Before I jump in to this, can I just say, I recognise that I (and very likely you) live a life of privilege. I haven’t spent much time considering this in the past. I’m glad that’s evolving. Forgive me if my experiences comes across as self indulgent, I’m sharing knowing that they are.
In December 2018, when I left my corporate role, I had enough money to last me a little while, without having to “worry”. That being said, as any entrepreneur will likely agree, there’s a certain amount of insecurity that presents itself the day you turn off a rather comfortable, regular income.
Being someone who prides themselves as an optimistic risk taker, I didn’t really anticipate this. I genuinely thought, well I will just divide up the money in the bank by X months and then when we reach Y, if my income hasn’t caught up, I will rethink. I’m earning money from my Network Marketing business, and know that will only grow. So, I thought, there’s honestly no need to go racing ahead to money running low, let’s just enjoy the “following my passion” adventure.
So, it caught me as somewhat of a surprise, when fear kicked in from day one. Literally, the day I woke up sans job, I thought, OMG, what if this doesn’t work, or it takes longer than I expected? How am I going to pay my bills? My mortgage? And the classic, “I’m terrible with money. How am I ever going to survive?”
Rather than thoroughly push down the fear, for once in my life I let the waves roll in (ok crash). I even chose to take a break from drinking booze and void myself of my primary numbing vehicle. From this place of clarity, I knew things had to change. It was time to have a long hard look at where my money goes and tighten the reigns. More than that, it was time to change my money story.
1/ I’m terrible with money. 2/ It doesn’t matter, because I earn a lot of it. 3/ I’m generous, so not completely selfish.
Yes, I feel kind of shameful admitting all this.
Do you know how much money you spend and on what? I had no clue. Outside of that I wasn’t saving any, so that’s a bit of insight. It turns out my daily rituals of 2 x coffee’s, lunch from a fancy cafe and Uber Eats for dinner adds up. Throw in almost every meal out during the weekend and you start to get the picture (or maybe it sounds familiar). Add on a few bottles of wine, at least one boozy night out a week and an F45 membership. Not to mention the reckless abandon when it comes to monthly subscriptions to all manor of services. Plus a tiny bit of travel (ha).
OK, so here’s the good news. Once I made the decision to be honest with myself about my money habits (and story), the next part was easy. Something clicked in my brain and I took to project overhaul finances with a genuine spirit of curiosity. Like how much less per month can I actually live on? From day one, I reduced my monthly outgoings by $3,000. It sounds like an awful lot, but that was my state of excess. Here’s how I did it:
Grocery shopping and cooking for myself (duh)
Bye bye cafe breakfasts for one
See ya F45 (don’t worry the yoga membership stayed plus I’m running, swimming etc)
No alcohol (although I’m having to reign in over doing my Kombucha habit!
No wine, no Ubers to and from restaurants, cheaper meals out (see no alcohol)
Renegotiated my Foxtel package, my gas supplier, my home insurance
I no longer drive through the cross city tunnel, except when I’m running late (a tad too often)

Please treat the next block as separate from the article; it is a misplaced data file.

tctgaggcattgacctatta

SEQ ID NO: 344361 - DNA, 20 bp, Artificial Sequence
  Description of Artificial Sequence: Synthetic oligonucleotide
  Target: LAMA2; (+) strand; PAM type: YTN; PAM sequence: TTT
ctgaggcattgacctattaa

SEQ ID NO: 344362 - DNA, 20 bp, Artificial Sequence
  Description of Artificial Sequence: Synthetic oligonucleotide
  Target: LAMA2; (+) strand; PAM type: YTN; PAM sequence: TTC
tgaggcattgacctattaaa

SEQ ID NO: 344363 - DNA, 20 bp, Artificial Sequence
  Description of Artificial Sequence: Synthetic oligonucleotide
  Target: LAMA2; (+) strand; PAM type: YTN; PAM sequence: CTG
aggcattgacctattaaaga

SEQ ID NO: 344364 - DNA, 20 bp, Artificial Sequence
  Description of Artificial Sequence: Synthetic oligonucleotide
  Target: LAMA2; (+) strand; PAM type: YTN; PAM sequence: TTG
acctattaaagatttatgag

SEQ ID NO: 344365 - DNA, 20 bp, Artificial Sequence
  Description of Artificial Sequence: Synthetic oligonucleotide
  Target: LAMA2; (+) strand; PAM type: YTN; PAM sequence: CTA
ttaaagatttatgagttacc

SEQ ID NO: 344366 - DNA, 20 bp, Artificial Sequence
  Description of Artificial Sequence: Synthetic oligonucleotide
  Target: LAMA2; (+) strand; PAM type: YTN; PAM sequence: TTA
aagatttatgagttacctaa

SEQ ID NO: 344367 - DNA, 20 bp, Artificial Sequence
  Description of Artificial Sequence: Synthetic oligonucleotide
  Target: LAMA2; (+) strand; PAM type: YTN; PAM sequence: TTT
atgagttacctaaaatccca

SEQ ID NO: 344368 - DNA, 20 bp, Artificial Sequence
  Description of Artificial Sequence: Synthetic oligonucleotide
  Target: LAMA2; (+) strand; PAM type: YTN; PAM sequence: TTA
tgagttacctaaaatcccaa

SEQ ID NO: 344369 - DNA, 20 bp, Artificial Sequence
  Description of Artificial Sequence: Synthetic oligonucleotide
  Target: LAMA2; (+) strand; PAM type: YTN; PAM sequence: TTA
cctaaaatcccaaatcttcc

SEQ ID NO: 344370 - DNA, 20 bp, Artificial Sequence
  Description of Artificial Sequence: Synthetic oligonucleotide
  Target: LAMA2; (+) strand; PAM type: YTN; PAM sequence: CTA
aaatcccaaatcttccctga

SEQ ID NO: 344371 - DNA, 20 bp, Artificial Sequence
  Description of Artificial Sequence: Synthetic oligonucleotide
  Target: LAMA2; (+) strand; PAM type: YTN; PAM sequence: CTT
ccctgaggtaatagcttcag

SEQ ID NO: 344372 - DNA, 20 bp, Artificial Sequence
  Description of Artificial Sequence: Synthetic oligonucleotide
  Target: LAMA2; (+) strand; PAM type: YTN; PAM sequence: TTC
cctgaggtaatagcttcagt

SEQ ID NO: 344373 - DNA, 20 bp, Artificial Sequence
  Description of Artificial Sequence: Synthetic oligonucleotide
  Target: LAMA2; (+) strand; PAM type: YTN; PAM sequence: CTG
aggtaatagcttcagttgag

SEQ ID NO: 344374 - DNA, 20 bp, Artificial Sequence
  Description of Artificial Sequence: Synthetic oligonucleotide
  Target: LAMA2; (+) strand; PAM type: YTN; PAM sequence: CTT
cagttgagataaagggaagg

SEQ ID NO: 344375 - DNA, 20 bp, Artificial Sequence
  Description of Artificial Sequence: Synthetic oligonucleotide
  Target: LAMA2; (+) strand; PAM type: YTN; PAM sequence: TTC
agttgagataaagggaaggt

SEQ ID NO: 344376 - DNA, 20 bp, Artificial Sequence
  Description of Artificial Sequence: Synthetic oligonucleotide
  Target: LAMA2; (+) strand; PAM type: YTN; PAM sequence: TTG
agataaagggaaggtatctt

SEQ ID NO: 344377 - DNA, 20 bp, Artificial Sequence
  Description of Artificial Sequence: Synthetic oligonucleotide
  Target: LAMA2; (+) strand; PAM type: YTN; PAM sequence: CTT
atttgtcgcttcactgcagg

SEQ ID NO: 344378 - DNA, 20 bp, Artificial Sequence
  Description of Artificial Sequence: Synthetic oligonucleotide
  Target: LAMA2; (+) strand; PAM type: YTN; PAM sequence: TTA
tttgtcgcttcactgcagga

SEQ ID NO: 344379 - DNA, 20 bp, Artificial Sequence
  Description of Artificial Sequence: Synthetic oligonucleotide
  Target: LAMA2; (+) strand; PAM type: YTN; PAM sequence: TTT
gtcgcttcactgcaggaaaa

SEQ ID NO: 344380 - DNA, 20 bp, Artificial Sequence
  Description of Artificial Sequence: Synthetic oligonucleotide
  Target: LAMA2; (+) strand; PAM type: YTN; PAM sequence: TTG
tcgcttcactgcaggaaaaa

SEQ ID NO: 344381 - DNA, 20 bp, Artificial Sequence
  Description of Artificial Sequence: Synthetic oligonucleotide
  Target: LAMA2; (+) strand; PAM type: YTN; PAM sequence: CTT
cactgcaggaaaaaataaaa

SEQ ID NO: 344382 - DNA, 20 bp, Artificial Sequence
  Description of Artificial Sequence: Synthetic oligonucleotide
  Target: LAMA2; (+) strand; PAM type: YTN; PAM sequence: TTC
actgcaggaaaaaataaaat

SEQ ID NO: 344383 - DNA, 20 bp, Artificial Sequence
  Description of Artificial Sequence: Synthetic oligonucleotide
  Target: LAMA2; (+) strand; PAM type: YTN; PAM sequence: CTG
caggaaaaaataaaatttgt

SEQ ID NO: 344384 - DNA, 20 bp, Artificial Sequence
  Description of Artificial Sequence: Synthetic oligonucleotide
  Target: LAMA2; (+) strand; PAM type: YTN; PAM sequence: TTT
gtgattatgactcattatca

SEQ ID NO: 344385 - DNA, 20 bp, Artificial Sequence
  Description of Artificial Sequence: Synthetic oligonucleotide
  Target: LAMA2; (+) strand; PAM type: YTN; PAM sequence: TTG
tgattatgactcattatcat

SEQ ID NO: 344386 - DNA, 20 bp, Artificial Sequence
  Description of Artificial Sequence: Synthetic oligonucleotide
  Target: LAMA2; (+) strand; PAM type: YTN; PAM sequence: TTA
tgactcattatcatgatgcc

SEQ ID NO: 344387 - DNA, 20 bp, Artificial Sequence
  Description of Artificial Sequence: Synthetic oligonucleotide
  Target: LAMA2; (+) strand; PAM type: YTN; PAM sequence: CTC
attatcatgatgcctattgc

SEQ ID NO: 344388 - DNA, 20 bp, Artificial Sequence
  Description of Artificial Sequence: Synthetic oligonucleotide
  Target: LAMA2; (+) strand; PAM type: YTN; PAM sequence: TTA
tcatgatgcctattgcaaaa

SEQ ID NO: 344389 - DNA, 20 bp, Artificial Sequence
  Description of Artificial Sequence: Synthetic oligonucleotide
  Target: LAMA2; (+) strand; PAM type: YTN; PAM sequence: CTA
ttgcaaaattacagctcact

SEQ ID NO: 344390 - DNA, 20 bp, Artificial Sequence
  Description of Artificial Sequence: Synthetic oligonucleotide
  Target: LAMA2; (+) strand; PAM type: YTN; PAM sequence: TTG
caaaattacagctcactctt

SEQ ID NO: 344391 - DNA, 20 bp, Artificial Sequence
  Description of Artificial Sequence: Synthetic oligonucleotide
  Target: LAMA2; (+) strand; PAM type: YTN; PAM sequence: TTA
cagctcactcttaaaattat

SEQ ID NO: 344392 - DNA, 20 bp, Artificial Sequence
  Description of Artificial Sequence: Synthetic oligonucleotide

Uber Eats is a huge treat, which I’ve indulged in a handful of times in 2019
Cheap petrol (E1 preferably - win/win)
I got an Opal card
When I travel interstate for work, I generally fly Jetstar and catch Public transport
I’ve found a great place to park in Mascot that is FREEEEEE and I therefore get to drive to and from the airport in Sydney
I buy/DIY all of my cleaning products, toiletries and skin care through doTERRA, which keeps me healthy and is incredibly good value
I’m eating a plant based diet
Truth be told, none of this feels particularly hard. In fact, it’s curiously liberating. I’m proud of myself and the changes I’ve made. Plus as I’ve walked through my months of not having to ‘worry’, I’ve learned a tonne. So far, I’ve barely scratched the surface of living with less. Sure some changes feel uncomfortable in concept. But then I have to remind myself, to move back into curiosity. Maybe even the conceptually harder to stomach will turn out ok too?
So here’s what I’ve learned so far. Us ‘privileged’ ones aren’t living more rewarding lives. Sure we might have higher thread count sheets, but better sleep? Nope. The things that bring lasting happiness are rarely elaborate or expensive.
These days, the kind of privilege I want more of, is helping others. I consider myself incredibly fortunate that this is central to my blossoming business. It’s also why I’m proud to be working in partnership with a company founded on principles of conscious consumerism and circulating money to those in need. I’ve made a commitment to myself that as my income climbs, I will be more visible in how I scale this personally.
Back to now. Sometimes you don’t get what you asked for, you get something better. I asked the universe to bring me ease, flow and abundance. Of course that’s what I asked for! The Universe said - of course, no problem, it’s coming - while forgetting to mention, in it’s own good time.
So here I am. Deep in discomfort. Moving forward one day at a time. Remembering to breathe. Sharing the ups and downs along the way. Sometimes exhilarated, others quaking in my boots (well Birkenstocks). And, learning more about myself than I could have imagined.
Here I am. Trusting that everything is happening exactly as it’s meant to. It’s a curious thing.
My new money story is a work in progress:
1/ I will always have more than enough money (or resources) 2/ Money doesn’t buy happiness, so I need to invest myself fully into things that do 3/ I have a responsibility to make sure I’m conscious of how my money is spent and shepherd it with care